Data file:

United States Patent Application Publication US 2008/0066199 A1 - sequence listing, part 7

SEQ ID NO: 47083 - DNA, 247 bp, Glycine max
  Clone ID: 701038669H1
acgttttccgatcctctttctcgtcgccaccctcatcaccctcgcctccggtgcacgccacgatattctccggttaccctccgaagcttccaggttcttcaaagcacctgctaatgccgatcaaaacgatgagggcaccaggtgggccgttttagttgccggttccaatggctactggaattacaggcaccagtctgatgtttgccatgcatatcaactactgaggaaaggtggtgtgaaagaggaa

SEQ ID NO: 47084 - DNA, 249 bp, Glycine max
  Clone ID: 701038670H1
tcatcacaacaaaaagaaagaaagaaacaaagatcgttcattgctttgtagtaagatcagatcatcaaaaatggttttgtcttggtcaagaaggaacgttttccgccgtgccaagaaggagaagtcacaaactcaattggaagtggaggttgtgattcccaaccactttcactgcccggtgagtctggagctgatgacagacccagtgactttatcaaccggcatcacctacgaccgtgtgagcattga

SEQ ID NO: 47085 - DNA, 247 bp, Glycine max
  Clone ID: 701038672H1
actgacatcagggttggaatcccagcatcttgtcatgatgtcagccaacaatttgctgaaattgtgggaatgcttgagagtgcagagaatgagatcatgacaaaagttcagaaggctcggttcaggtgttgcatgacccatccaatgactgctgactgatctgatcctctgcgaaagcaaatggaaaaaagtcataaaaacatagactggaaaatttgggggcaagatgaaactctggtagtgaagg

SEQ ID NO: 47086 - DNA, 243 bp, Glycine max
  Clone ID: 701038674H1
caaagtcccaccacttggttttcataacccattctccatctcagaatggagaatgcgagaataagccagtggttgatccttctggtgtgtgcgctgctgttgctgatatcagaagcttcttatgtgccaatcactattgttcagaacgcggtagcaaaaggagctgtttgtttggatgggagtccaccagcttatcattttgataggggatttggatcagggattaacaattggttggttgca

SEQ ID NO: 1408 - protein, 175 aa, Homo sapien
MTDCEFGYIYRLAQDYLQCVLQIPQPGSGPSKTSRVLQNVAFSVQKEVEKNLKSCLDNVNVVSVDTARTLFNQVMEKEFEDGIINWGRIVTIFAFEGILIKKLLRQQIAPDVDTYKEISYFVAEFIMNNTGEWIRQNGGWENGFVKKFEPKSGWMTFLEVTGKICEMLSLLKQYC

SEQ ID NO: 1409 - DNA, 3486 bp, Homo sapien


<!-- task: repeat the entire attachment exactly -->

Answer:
United States Patent Application Publication US 2008/0066199 A1 - sequence listing, part 7

SEQ ID NO: 47083 - DNA, 247 bp, Glycine max
  Clone ID: 701038669H1
acgttttccgatcctctttctcgtcgccaccctcatcaccctcgcctccggtgcacgccacgatattctccggttaccctccgaagcttccaggttcttcaaagcacctgctaatgccgatcaaaacgatgagggcaccaggtgggccgttttagttgccggttccaatggctactggaattacaggcaccagtctgatgtttgccatgcatatcaactactgaggaaaggtggtgtgaaagaggaa

SEQ ID NO: 47084 - DNA, 249 bp, Glycine max
  Clone ID: 701038670H1
tcatcacaacaaaaagaaagaaagaaacaaagatcgttcattgctttgtagtaagatcagatcatcaaaaatggttttgtcttggtcaagaaggaacgttttccgccgtgccaagaaggagaagtcacaaactcaattggaagtggaggttgtgattcccaaccactttcactgcccggtgagtctggagctgatgacagacccagtgactttatcaaccggcatcacctacgaccgtgtgagcattga

SEQ ID NO: 47085 - DNA, 247 bp, Glycine max
  Clone ID: 701038672H1
actgacatcagggttggaatcccagcatcttgtcatgatgtcagccaacaatttgctgaaattgtgggaatgcttgagagtgcagagaatgagatcatgacaaaagttcagaaggctcggttcaggtgttgcatgacccatccaatgactgctgactgatctgatcctctgcgaaagcaaatggaaaaaagtcataaaaacatagactggaaaatttgggggcaagatgaaactctggtagtgaagg

SEQ ID NO: 47086 - DNA, 243 bp, Glycine max
  Clone ID: 701038674H1
caaagtcccaccacttggttttcataacccattctccatctcagaatggagaatgcgagaataagccagtggttgatccttctggtgtgtgcgctgctgttgctgatatcagaagcttcttatgtgccaatcactattgttcagaacgcggtagcaaaaggagctgtttgtttggatgggagtccaccagcttatcattttgataggggatttggatcagggattaacaattggttggttgca

SEQ ID NO: 1408 - protein, 175 aa, Homo sapien
MTDCEFGYIYRLAQDYLQCVLQIPQPGSGPSKTSRVLQNVAFSVQKEVEKNLKSCLDNVNVVSVDTARTLFNQVMEKEFEDGIINWGRIVTIFAFEGILIKKLLRQQIAPDVDTYKEISYFVAEFIMNNTGEWIRQNGGWENGFVKKFEPKSGWMTFLEVTGKICEMLSLLKQYC

SEQ ID NO: 1409 - DNA, 3486 bp, Homo sapien